Feels vs. Cycles - Closed Double Helix Model



The Universe is cyclical. It's more than that, though, isn't it? Here we go with semantics again.

When we say we feel something, we observe with more than just our eyes. We are collecting data through organic functions:  taste, smell, sight, sound touch, other senses to be determined. Let's call a set of the undetermined "potential." The data is stored, waiting to be processed. If not processed, the data will be pushed down to make way for puzzles which can be solved now.  We like resolution. The jumble of unresolved potential just waits for more pieces to be discovered.

I will proceed with this meaning of the word 'feel'.

The collection of data we've accrued since childhood does not have a solid definition for everything we feel.  But we do feel a situation is familiar even if we haven't been in that place and time before. We try to identify a possible set of decisions that caused us to be in that same place, that same feeling.

Feeling broke, feeling alone, feeling lost.

It's either habit or human nature to assign blame either to ourselves or to other humans for having arrived here again. Now I'm working two threads: pay attention.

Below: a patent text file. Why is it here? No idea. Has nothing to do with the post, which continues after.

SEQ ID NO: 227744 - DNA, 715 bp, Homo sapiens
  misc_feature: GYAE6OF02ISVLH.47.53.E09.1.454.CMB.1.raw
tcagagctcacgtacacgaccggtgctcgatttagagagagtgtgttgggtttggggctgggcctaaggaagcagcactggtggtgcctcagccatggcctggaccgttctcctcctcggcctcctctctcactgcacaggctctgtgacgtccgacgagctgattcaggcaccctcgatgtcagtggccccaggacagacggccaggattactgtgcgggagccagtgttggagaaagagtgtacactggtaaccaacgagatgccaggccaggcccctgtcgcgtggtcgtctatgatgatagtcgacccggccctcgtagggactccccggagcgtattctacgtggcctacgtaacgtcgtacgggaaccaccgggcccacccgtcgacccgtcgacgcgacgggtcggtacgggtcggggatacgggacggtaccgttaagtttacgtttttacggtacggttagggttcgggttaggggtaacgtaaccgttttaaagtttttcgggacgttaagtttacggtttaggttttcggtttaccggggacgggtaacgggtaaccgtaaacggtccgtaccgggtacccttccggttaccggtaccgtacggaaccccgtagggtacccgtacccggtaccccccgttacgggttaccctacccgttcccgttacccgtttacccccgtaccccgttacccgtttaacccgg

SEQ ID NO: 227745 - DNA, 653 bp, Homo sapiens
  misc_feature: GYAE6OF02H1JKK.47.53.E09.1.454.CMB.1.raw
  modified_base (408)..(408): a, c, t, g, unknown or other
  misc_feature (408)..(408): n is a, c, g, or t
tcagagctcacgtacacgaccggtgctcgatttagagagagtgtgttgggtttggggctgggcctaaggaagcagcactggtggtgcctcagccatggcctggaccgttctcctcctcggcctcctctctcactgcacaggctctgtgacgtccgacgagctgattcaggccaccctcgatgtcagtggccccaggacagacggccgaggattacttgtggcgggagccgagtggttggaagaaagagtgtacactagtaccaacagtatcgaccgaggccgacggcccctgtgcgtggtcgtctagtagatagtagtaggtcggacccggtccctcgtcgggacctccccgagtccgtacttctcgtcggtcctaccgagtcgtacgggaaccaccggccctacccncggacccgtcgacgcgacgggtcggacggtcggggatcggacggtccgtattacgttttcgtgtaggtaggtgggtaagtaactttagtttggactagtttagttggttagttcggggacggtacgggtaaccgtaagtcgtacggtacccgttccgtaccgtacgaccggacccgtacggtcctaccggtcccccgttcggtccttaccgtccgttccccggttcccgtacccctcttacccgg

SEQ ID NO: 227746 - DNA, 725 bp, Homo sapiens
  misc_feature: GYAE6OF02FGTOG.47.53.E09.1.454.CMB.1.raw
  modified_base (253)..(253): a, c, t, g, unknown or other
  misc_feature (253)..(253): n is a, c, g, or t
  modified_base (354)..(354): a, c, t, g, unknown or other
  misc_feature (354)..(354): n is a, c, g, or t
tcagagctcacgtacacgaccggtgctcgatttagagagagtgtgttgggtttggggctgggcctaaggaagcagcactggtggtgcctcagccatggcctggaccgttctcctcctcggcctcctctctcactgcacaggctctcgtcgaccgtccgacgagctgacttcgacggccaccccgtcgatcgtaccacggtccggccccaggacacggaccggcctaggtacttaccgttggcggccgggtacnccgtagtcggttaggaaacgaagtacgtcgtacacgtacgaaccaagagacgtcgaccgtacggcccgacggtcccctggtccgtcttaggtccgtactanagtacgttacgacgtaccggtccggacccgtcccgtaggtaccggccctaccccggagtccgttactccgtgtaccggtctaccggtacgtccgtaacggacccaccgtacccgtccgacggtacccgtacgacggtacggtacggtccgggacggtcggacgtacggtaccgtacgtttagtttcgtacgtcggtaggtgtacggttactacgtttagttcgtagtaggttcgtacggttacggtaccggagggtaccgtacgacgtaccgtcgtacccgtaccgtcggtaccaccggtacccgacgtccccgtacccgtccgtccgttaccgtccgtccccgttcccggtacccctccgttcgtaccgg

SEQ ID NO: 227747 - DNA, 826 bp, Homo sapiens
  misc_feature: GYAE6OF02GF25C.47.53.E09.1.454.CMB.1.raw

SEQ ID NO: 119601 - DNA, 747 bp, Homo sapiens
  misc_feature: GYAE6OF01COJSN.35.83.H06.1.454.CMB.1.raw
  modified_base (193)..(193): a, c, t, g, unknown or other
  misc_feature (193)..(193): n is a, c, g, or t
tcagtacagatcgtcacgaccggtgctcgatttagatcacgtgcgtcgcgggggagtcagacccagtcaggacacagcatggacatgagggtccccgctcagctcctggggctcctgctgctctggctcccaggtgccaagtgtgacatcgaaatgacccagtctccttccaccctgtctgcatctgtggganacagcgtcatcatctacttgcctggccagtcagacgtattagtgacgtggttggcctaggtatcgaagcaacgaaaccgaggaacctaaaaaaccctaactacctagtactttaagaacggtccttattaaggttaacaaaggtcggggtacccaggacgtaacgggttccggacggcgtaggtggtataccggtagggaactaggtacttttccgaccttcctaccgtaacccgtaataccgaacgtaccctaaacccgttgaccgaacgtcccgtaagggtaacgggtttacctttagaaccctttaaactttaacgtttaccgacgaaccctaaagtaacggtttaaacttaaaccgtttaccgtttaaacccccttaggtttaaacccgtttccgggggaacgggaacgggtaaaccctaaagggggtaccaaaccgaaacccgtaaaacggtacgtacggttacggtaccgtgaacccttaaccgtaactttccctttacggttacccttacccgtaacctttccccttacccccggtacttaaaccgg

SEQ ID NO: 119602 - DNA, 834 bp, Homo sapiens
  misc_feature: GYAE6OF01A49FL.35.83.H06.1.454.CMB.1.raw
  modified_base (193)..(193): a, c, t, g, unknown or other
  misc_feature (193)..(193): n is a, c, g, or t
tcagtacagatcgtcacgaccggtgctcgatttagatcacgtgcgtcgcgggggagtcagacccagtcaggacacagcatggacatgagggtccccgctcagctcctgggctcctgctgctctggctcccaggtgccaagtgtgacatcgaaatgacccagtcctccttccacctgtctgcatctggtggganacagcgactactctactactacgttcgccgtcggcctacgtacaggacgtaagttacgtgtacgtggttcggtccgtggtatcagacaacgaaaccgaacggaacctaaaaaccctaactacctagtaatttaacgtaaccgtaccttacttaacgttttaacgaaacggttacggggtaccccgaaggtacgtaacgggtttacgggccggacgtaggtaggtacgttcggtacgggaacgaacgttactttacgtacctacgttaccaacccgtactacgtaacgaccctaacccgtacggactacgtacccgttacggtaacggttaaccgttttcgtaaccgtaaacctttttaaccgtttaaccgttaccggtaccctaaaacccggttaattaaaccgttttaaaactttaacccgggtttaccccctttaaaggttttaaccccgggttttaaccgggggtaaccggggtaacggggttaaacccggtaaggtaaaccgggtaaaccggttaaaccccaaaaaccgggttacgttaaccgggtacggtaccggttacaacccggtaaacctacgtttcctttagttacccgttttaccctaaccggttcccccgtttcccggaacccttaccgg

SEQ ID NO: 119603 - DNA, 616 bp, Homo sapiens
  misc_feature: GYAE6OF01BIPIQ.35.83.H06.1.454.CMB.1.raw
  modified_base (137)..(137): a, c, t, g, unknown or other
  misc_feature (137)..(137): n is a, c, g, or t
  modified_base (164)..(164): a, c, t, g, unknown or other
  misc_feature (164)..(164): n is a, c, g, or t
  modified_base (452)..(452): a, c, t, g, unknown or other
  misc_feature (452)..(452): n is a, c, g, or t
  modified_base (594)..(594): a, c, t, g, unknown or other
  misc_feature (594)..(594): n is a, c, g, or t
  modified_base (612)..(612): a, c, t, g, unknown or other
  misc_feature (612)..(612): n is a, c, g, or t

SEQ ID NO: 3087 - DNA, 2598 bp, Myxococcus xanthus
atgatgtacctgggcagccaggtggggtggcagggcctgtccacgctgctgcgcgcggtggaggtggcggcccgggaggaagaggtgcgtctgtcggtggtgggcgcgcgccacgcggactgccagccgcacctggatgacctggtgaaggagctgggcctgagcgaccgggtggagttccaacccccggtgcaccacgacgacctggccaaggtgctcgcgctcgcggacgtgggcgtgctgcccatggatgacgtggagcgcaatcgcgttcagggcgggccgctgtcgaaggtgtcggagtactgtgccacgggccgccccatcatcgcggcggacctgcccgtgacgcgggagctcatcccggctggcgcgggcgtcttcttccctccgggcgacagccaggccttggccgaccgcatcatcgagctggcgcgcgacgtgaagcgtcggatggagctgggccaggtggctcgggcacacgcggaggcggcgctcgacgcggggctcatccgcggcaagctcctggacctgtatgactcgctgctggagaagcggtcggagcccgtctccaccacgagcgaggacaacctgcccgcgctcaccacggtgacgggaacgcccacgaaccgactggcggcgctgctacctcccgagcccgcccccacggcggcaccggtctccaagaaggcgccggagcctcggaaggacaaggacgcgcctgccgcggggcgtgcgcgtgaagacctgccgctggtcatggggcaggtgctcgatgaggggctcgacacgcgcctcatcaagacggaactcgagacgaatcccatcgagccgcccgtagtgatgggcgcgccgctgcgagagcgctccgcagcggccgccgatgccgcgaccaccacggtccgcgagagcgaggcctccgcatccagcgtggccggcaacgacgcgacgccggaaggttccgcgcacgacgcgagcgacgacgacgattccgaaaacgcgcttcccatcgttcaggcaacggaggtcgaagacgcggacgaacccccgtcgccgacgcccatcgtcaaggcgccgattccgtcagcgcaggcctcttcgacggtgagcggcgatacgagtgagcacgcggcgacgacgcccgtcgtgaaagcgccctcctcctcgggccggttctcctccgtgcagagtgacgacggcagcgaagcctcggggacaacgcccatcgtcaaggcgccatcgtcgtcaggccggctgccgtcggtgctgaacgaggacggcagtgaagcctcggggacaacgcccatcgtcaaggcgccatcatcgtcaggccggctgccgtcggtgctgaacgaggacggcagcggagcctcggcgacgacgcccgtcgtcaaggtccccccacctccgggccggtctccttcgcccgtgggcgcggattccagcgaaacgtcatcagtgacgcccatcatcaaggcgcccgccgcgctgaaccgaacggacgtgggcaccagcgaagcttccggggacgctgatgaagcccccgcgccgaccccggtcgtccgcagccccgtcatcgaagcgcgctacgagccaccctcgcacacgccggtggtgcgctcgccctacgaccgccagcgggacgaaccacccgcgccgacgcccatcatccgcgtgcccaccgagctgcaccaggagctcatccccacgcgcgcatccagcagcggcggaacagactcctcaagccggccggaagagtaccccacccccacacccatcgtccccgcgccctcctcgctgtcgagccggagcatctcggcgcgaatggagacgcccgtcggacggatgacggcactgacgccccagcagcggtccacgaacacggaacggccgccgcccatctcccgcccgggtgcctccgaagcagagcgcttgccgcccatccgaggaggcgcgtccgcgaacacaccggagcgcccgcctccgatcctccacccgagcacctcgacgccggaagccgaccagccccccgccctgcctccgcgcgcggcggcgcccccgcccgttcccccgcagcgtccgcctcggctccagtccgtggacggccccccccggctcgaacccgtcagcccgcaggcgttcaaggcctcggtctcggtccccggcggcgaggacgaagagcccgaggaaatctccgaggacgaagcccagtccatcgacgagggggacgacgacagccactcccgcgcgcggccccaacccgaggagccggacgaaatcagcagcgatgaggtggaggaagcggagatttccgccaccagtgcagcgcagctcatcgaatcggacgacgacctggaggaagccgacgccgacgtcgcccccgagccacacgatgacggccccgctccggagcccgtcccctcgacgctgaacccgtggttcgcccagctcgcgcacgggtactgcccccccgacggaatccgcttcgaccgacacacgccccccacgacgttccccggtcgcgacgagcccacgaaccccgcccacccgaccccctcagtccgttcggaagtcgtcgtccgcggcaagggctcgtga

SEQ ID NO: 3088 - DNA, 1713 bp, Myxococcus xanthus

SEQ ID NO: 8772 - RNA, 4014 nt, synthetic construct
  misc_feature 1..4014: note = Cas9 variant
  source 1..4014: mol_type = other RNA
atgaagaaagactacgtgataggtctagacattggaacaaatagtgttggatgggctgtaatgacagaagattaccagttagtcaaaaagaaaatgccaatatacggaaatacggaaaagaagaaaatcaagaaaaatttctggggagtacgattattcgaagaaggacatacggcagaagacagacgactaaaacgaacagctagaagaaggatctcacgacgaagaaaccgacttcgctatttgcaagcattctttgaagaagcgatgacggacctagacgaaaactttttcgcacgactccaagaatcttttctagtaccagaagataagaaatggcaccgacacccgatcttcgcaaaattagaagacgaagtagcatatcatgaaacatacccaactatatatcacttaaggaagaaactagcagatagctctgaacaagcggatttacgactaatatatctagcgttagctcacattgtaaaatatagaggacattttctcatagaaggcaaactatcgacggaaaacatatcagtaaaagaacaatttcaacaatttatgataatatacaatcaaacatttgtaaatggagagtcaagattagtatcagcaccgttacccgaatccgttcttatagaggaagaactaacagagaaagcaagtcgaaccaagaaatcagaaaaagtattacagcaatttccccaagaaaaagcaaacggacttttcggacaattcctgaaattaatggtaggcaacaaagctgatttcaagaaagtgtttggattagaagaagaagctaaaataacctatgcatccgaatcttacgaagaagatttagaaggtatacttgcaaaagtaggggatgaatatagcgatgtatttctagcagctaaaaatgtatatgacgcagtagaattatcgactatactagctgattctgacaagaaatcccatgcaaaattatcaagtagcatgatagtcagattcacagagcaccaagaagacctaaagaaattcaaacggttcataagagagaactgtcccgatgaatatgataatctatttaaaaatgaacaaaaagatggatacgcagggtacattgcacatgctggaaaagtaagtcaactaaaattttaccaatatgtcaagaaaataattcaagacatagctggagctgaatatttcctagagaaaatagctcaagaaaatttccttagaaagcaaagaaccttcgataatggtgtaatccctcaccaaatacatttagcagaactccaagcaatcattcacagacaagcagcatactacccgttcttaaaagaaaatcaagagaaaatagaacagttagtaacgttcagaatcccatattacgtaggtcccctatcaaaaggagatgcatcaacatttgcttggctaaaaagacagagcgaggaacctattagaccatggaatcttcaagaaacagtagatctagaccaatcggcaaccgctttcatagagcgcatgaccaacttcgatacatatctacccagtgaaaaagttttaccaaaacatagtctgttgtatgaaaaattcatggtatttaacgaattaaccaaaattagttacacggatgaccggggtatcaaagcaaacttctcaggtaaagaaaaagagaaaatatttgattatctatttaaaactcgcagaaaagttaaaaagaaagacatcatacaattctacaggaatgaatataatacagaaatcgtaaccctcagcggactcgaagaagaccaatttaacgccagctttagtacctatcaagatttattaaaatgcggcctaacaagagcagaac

I think it's far more interesting to determine where we got the data that makes this situation feel familiar. Our magnificent brains can assign memories to incoming data - memories that actually have nothing to do with now. I have a particular incense that reminds me of a time in my life where I didn't use incense. It's dark, warm, welcome and sad, like a basement where my favorite things are boxed.

If you feel lost, take the time to identify what specifically you feel with your senses. Does it remind you of another time you felt lost? Chop off - sharply and at the head - any wish to blame a person, even if it's yourself.  There may be fault, but it isn't helpful to blame. It's okay to objectively note negative interactions with another person, so as to avoid them later.

We feel things come around, like a cycle.  I have up days and down days. However, we sometimes feel a downward or upward spiral, yeah?  A helix is a spring-shape, slowly curving - I think the descent is easier to notice because it's uncomfortable. There's also a slow ascent but we enjoy it and don't take notice. Pain is easier to remember.

I'm going to start working with my life as a Closed Double Helix - an intertwined set joined at each end. Not a reversal; not winding back up the same path of the descent, but able to proceed forward always. There is a plateau at each end, before the work begins again.When I feel lost, I'll try to pinpoint where I am on the closed double helix model. Ascending, descending, moving. All ways.

Life has its ups and downs, but any move is rarely a straight shot.  A roller coaster is often a good metaphor, depending whether or not you like roller coasters.  There are ups, downs, wild loops and plateaus.  Roller coaster metaphor also lends well to Theism:  designed by someone outside the system who may or may not be riding it.

The closed double helix seems more controlled and balanced; more navigable, even if a roller coaster sometimes feels more accurate.

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